On challenges to the Wampanoag Tribe as a legitimate Nation:

“If you are a federally recognized tribe in the United States, there are parameters put on you by the federal government that make it mandatory that you have some form of control of your membership, and that takes many different forms. What’s interesting historically [is] this idea of the blood quantum—the measurement of blood for Native Americans we deemed Native—is happening in parallel with the one-drop rule. And so, you have these two communities that are being treated vastly differently in terms of how they’re being counted and sorted by the federal government, but having real generational impacts … This idea of blood quantum was one of the ways to kind of whittle down those [Native] populations … The Wampanoag Tribe of Aquinnah, our membership is based on lineage … it’s not a perfect system, but it takes away that idea [that] who you have children with dictates whether your offspring and the generations following will be deemed citizens of your nation. And I think that is very conscious, in terms of the history of the Wampanoag Tribe, to encompass all of the people that come from this group … So you’re not talking about race, you’re not talking about this idea of being able to measure someone’s blood, which has no scientific basis. And that someone can be all these different racial and ethnic groups and yet still be a member of this nation.”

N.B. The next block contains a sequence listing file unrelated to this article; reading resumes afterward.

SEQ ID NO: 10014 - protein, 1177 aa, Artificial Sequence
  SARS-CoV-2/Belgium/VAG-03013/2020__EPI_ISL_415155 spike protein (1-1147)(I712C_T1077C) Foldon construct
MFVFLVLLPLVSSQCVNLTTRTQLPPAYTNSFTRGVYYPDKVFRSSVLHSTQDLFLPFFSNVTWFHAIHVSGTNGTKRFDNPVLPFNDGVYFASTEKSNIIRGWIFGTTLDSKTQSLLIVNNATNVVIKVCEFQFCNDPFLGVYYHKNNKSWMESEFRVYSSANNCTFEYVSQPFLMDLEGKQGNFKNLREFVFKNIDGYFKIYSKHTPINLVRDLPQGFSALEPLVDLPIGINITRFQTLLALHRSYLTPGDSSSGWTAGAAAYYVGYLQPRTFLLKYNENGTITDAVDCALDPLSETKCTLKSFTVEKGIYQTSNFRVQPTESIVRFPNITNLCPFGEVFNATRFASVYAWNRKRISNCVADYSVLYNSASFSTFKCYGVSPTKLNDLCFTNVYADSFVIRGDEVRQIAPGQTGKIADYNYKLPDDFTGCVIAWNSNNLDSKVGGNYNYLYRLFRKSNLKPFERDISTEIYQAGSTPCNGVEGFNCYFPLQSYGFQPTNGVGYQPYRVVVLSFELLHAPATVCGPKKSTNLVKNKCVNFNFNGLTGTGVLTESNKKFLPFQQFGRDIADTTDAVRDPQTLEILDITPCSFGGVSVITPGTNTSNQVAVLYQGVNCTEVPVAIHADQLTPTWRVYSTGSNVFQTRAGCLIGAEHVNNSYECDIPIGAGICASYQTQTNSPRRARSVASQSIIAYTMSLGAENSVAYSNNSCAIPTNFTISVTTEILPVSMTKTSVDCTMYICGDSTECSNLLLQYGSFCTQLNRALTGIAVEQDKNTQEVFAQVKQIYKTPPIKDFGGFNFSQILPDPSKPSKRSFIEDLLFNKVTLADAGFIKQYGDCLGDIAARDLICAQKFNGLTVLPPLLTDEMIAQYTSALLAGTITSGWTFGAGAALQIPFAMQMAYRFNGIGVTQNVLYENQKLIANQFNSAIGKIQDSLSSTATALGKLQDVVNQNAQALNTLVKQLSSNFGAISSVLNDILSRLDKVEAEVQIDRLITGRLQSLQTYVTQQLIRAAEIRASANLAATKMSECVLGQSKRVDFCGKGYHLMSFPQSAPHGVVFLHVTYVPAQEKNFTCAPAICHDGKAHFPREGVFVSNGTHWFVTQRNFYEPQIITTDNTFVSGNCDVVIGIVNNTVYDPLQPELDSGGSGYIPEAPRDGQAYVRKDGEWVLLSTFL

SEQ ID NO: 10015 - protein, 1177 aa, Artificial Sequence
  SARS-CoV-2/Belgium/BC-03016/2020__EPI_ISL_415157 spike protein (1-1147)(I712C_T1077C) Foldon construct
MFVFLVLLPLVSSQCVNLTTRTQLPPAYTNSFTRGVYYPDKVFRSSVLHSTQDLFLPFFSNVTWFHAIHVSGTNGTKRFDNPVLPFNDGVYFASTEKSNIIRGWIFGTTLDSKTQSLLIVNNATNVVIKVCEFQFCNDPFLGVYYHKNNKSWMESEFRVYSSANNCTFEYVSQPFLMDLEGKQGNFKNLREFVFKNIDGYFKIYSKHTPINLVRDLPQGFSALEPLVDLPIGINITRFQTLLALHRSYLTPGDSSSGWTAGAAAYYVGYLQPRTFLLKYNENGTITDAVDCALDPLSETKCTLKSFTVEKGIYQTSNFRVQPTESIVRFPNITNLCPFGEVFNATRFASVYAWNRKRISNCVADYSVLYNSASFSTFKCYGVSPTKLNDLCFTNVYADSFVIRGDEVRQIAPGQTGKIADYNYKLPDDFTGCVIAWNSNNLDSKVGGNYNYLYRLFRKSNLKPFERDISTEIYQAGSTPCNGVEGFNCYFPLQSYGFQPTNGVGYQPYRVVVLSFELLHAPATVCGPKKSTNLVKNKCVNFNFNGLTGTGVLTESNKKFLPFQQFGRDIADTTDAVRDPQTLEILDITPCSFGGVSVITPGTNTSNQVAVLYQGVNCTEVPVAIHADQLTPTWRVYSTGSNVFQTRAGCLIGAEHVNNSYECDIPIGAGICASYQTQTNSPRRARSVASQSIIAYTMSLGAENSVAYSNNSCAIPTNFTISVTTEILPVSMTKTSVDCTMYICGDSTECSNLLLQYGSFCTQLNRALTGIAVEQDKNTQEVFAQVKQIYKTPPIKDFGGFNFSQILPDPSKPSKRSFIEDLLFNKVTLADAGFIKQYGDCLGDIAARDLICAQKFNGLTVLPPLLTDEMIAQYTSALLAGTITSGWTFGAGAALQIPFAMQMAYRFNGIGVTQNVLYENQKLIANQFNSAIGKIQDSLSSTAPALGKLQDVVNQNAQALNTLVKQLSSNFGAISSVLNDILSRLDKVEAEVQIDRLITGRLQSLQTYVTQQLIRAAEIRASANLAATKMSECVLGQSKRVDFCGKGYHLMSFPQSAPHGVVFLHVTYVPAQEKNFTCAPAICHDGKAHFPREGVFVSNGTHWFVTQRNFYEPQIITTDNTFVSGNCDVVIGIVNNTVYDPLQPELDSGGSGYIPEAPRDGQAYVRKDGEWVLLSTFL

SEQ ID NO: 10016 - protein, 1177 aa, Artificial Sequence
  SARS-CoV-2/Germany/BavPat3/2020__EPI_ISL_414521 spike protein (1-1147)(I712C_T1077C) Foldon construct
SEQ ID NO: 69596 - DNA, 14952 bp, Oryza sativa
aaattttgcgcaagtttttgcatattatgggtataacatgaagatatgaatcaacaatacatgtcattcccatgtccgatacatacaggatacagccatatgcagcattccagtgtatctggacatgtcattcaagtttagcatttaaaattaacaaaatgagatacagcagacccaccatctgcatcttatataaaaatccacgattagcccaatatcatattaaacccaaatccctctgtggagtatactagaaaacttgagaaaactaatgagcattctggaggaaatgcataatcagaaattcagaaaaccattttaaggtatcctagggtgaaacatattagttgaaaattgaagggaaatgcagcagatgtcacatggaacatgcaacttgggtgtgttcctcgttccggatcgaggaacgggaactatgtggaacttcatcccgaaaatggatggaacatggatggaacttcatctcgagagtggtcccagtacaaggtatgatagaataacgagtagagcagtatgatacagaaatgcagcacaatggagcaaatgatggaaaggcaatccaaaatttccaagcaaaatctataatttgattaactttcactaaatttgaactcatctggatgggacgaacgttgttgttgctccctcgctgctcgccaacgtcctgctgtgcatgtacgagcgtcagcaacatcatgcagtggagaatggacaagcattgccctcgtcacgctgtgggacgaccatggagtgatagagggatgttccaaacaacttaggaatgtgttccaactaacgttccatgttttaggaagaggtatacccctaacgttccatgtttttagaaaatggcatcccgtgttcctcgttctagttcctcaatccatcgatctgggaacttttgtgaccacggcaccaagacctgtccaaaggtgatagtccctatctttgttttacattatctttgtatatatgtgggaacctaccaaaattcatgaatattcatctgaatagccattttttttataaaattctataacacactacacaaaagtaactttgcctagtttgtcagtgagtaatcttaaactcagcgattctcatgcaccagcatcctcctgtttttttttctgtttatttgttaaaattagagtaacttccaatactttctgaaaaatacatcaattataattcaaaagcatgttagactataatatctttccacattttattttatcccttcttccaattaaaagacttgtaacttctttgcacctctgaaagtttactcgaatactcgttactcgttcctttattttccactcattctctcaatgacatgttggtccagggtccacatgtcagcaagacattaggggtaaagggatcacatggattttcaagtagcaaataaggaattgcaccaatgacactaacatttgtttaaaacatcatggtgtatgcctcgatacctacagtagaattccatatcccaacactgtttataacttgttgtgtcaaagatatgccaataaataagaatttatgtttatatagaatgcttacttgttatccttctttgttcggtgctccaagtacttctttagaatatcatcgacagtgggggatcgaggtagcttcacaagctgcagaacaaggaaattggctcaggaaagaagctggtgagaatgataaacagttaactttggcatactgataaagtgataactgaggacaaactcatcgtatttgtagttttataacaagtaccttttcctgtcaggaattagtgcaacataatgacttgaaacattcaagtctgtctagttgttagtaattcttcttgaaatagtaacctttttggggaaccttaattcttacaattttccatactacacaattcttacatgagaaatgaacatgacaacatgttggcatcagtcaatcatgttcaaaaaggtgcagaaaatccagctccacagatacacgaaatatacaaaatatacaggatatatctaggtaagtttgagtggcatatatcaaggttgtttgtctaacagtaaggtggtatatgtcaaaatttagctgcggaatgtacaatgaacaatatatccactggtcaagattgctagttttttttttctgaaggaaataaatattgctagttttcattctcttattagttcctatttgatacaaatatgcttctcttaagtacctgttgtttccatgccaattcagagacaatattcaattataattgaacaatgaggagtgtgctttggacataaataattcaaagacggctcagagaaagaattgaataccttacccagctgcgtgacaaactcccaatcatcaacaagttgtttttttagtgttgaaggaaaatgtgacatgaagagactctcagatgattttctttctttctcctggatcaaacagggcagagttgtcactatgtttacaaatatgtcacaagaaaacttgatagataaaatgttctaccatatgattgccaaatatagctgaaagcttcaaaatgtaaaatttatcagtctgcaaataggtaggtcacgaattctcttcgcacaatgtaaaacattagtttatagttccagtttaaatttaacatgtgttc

On the notion of a decolonial mindset:

“The conversation around decolonization is actually pretty straightforward: to make something decolonial is to eradicate and get rid of colonial structures. So, for an institution to decolonize, it would need to dismantle itself and give its resources and its lands back to the original inhabitants. That isn’t a goal for most institutions, it’s not realistic. However, if we think about how [to] create a decolonial mindset, we start to strip away some of the things we’ve learned from a colonial system and structure … When I speak with people at the university, when I speak with students, when I speak with communities, I talk about it as a collective benefit … There’s a collective benefit for everyone to take on this work, it’s not just benefiting Native communities. I also think that it’s about centering different voices … When we think about a decolonial mindset, it’s really challenging ourselves to look at things in a different way, ask different questions, and challenge the values that we’ve been taught that maybe don’t benefit us in the future.”

Watch the video interview here:

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Header image is a detail of This is Harlem by Jacob Lawrence. Courtesy of Hirshhorn Museum and Sculpture Garden. © 2021 The Jacob and Gwendolyn Knight Lawrence Foundation, Seattle / Artists Rights Society (ARS), New York. For more information, click here.